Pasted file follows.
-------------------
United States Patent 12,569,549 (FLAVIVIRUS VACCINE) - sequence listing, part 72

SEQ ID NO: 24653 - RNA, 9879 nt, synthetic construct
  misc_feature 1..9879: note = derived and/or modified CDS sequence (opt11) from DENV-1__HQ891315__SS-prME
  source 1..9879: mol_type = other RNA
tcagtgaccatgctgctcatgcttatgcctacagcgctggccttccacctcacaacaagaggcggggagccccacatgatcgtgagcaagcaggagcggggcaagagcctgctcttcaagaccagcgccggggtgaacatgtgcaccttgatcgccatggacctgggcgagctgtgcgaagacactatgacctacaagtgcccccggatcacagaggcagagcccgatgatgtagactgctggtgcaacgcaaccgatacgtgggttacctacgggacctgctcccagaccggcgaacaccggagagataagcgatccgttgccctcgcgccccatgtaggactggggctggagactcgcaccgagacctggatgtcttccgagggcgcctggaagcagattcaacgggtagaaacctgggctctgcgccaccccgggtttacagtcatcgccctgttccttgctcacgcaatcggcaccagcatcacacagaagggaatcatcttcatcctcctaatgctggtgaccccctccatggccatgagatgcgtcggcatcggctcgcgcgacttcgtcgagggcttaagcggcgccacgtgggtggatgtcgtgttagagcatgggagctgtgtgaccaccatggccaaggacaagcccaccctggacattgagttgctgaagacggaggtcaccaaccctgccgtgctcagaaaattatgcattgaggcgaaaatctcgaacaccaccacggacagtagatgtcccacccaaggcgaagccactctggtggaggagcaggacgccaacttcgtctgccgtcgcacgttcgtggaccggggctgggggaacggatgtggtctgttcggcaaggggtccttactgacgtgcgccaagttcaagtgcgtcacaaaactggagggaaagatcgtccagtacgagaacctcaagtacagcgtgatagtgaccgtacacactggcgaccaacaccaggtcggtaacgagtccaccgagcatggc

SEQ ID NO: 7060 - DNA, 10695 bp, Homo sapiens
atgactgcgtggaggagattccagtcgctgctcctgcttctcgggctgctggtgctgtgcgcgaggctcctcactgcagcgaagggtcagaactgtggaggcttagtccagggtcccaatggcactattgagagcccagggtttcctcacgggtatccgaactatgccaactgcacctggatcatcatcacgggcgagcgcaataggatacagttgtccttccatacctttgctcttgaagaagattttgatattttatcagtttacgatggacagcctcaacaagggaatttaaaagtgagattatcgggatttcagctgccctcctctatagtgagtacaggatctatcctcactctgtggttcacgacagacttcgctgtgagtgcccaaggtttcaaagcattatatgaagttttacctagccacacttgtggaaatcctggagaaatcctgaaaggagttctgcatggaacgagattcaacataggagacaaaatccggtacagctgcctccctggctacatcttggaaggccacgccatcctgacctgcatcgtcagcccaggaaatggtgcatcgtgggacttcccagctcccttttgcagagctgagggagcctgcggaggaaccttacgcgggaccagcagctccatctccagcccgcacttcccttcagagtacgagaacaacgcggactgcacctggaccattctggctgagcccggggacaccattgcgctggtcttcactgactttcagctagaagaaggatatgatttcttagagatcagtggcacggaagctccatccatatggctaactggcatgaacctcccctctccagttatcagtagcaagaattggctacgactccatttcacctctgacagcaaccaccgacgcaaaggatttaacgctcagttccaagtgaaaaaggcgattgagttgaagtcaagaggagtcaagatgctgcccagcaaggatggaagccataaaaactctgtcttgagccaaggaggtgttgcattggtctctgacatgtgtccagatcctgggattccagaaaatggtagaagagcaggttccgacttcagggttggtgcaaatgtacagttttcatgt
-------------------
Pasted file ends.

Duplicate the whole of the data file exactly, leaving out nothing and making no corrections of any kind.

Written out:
United States Patent 12,569,549 (FLAVIVIRUS VACCINE) - sequence listing, part 72

SEQ ID NO: 24653 - RNA, 9879 nt, synthetic construct
  misc_feature 1..9879: note = derived and/or modified CDS sequence (opt11) from DENV-1__HQ891315__SS-prME
  source 1..9879: mol_type = other RNA
tcagtgaccatgctgctcatgcttatgcctacagcgctggccttccacctcacaacaagaggcggggagccccacatgatcgtgagcaagcaggagcggggcaagagcctgctcttcaagaccagcgccggggtgaacatgtgcaccttgatcgccatggacctgggcgagctgtgcgaagacactatgacctacaagtgcccccggatcacagaggcagagcccgatgatgtagactgctggtgcaacgcaaccgatacgtgggttacctacgggacctgctcccagaccggcgaacaccggagagataagcgatccgttgccctcgcgccccatgtaggactggggctggagactcgcaccgagacctggatgtcttccgagggcgcctggaagcagattcaacgggtagaaacctgggctctgcgccaccccgggtttacagtcatcgccctgttccttgctcacgcaatcggcaccagcatcacacagaagggaatcatcttcatcctcctaatgctggtgaccccctccatggccatgagatgcgtcggcatcggctcgcgcgacttcgtcgagggcttaagcggcgccacgtgggtggatgtcgtgttagagcatgggagctgtgtgaccaccatggccaaggacaagcccaccctggacattgagttgctgaagacggaggtcaccaaccctgccgtgctcagaaaattatgcattgaggcgaaaatctcgaacaccaccacggacagtagatgtcccacccaaggcgaagccactctggtggaggagcaggacgccaacttcgtctgccgtcgcacgttcgtggaccggggctgggggaacggatgtggtctgttcggcaaggggtccttactgacgtgcgccaagttcaagtgcgtcacaaaactggagggaaagatcgtccagtacgagaacctcaagtacagcgtgatagtgaccgtacacactggcgaccaacaccaggtcggtaacgagtccaccgagcatggc

SEQ ID NO: 7060 - DNA, 10695 bp, Homo sapiens
atgactgcgtggaggagattccagtcgctgctcctgcttctcgggctgctggtgctgtgcgcgaggctcctcactgcagcgaagggtcagaactgtggaggcttagtccagggtcccaatggcactattgagagcccagggtttcctcacgggtatccgaactatgccaactgcacctggatcatcatcacgggcgagcgcaataggatacagttgtccttccatacctttgctcttgaagaagattttgatattttatcagtttacgatggacagcctcaacaagggaatttaaaagtgagattatcgggatttcagctgccctcctctatagtgagtacaggatctatcctcactctgtggttcacgacagacttcgctgtgagtgcccaaggtttcaaagcattatatgaagttttacctagccacacttgtggaaatcctggagaaatcctgaaaggagttctgcatggaacgagattcaacataggagacaaaatccggtacagctgcctccctggctacatcttggaaggccacgccatcctgacctgcatcgtcagcccaggaaatggtgcatcgtgggacttcccagctcccttttgcagagctgagggagcctgcggaggaaccttacgcgggaccagcagctccatctccagcccgcacttcccttcagagtacgagaacaacgcggactgcacctggaccattctggctgagcccggggacaccattgcgctggtcttcactgactttcagctagaagaaggatatgatttcttagagatcagtggcacggaagctccatccatatggctaactggcatgaacctcccctctccagttatcagtagcaagaattggctacgactccatttcacctctgacagcaaccaccgacgcaaaggatttaacgctcagttccaagtgaaaaaggcgattgagttgaagtcaagaggagtcaagatgctgcccagcaaggatggaagccataaaaactctgtcttgagccaaggaggtgttgcattggtctctgacatgtgtccagatcctgggattccagaaaatggtagaagagcaggttccgacttcagggttggtgcaaatgtacagttttcatgt